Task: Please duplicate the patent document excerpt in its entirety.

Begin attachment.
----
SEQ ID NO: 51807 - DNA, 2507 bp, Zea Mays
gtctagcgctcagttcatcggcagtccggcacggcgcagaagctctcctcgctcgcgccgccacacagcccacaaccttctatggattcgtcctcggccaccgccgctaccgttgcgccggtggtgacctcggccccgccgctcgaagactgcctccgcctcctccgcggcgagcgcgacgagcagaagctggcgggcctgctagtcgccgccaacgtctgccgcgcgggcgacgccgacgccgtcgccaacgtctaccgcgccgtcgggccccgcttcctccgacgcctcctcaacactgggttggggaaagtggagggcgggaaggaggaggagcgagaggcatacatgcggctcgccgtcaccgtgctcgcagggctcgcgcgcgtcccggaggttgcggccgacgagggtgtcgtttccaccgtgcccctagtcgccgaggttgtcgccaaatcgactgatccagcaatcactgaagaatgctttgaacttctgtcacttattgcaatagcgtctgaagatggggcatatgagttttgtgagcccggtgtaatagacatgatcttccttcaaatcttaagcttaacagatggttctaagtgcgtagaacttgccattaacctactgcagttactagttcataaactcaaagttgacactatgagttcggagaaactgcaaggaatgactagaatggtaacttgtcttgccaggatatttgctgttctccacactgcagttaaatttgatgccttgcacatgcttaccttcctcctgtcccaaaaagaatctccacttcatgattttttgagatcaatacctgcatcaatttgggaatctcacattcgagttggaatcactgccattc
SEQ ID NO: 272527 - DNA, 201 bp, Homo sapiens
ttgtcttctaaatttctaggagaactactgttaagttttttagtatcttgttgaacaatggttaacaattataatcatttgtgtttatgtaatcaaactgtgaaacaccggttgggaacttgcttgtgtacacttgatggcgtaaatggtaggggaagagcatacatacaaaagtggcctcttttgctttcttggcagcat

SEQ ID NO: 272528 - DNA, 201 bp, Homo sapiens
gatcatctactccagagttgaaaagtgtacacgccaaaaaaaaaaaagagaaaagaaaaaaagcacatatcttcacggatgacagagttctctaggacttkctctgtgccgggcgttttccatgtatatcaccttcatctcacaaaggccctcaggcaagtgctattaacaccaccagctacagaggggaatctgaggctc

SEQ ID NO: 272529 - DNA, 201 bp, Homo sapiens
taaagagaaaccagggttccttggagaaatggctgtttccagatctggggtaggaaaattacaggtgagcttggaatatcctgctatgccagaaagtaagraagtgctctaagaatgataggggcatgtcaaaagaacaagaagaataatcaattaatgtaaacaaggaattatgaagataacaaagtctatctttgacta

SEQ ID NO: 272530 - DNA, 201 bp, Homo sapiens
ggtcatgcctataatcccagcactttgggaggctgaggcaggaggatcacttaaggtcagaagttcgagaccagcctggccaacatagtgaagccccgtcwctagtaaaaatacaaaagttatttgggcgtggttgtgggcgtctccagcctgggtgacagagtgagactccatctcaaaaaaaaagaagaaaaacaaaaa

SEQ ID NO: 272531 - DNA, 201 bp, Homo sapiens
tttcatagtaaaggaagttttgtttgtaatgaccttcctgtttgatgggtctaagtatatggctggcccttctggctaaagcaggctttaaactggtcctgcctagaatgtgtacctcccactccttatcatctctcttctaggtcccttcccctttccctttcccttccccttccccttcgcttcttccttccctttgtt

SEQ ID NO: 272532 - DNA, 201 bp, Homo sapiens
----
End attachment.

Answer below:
SEQ ID NO: 51807 - DNA, 2507 bp, Zea Mays
gtctagcgctcagttcatcggcagtccggcacggcgcagaagctctcctcgctcgcgccgccacacagcccacaaccttctatggattcgtcctcggccaccgccgctaccgttgcgccggtggtgacctcggccccgccgctcgaagactgcctccgcctcctccgcggcgagcgcgacgagcagaagctggcgggcctgctagtcgccgccaacgtctgccgcgcgggcgacgccgacgccgtcgccaacgtctaccgcgccgtcgggccccgcttcctccgacgcctcctcaacactgggttggggaaagtggagggcgggaaggaggaggagcgagaggcatacatgcggctcgccgtcaccgtgctcgcagggctcgcgcgcgtcccggaggttgcggccgacgagggtgtcgtttccaccgtgcccctagtcgccgaggttgtcgccaaatcgactgatccagcaatcactgaagaatgctttgaacttctgtcacttattgcaatagcgtctgaagatggggcatatgagttttgtgagcccggtgtaatagacatgatcttccttcaaatcttaagcttaacagatggttctaagtgcgtagaacttgccattaacctactgcagttactagttcataaactcaaagttgacactatgagttcggagaaactgcaaggaatgactagaatggtaacttgtcttgccaggatatttgctgttctccacactgcagttaaatttgatgccttgcacatgcttaccttcctcctgtcccaaaaagaatctccacttcatgattttttgagatcaatacctgcatcaatttgggaatctcacattcgagttggaatcactgccattc
SEQ ID NO: 272527 - DNA, 201 bp, Homo sapiens
ttgtcttctaaatttctaggagaactactgttaagttttttagtatcttgttgaacaatggttaacaattataatcatttgtgtttatgtaatcaaactgtgaaacaccggttgggaacttgcttgtgtacacttgatggcgtaaatggtaggggaagagcatacatacaaaagtggcctcttttgctttcttggcagcat

SEQ ID NO: 272528 - DNA, 201 bp, Homo sapiens
gatcatctactccagagttgaaaagtgtacacgccaaaaaaaaaaaagagaaaagaaaaaaagcacatatcttcacggatgacagagttctctaggacttkctctgtgccgggcgttttccatgtatatcaccttcatctcacaaaggccctcaggcaagtgctattaacaccaccagctacagaggggaatctgaggctc

SEQ ID NO: 272529 - DNA, 201 bp, Homo sapiens
taaagagaaaccagggttccttggagaaatggctgtttccagatctggggtaggaaaattacaggtgagcttggaatatcctgctatgccagaaagtaagraagtgctctaagaatgataggggcatgtcaaaagaacaagaagaataatcaattaatgtaaacaaggaattatgaagataacaaagtctatctttgacta

SEQ ID NO: 272530 - DNA, 201 bp, Homo sapiens
ggtcatgcctataatcccagcactttgggaggctgaggcaggaggatcacttaaggtcagaagttcgagaccagcctggccaacatagtgaagccccgtcwctagtaaaaatacaaaagttatttgggcgtggttgtgggcgtctccagcctgggtgacagagtgagactccatctcaaaaaaaaagaagaaaaacaaaaa

SEQ ID NO: 272531 - DNA, 201 bp, Homo sapiens
tttcatagtaaaggaagttttgtttgtaatgaccttcctgtttgatgggtctaagtatatggctggcccttctggctaaagcaggctttaaactggtcctgcctagaatgtgtacctcccactccttatcatctctcttctaggtcccttcccctttccctttcccttccccttccccttcgcttcttccttccctttgtt

SEQ ID NO: 272532 - DNA, 201 bp, Homo sapiens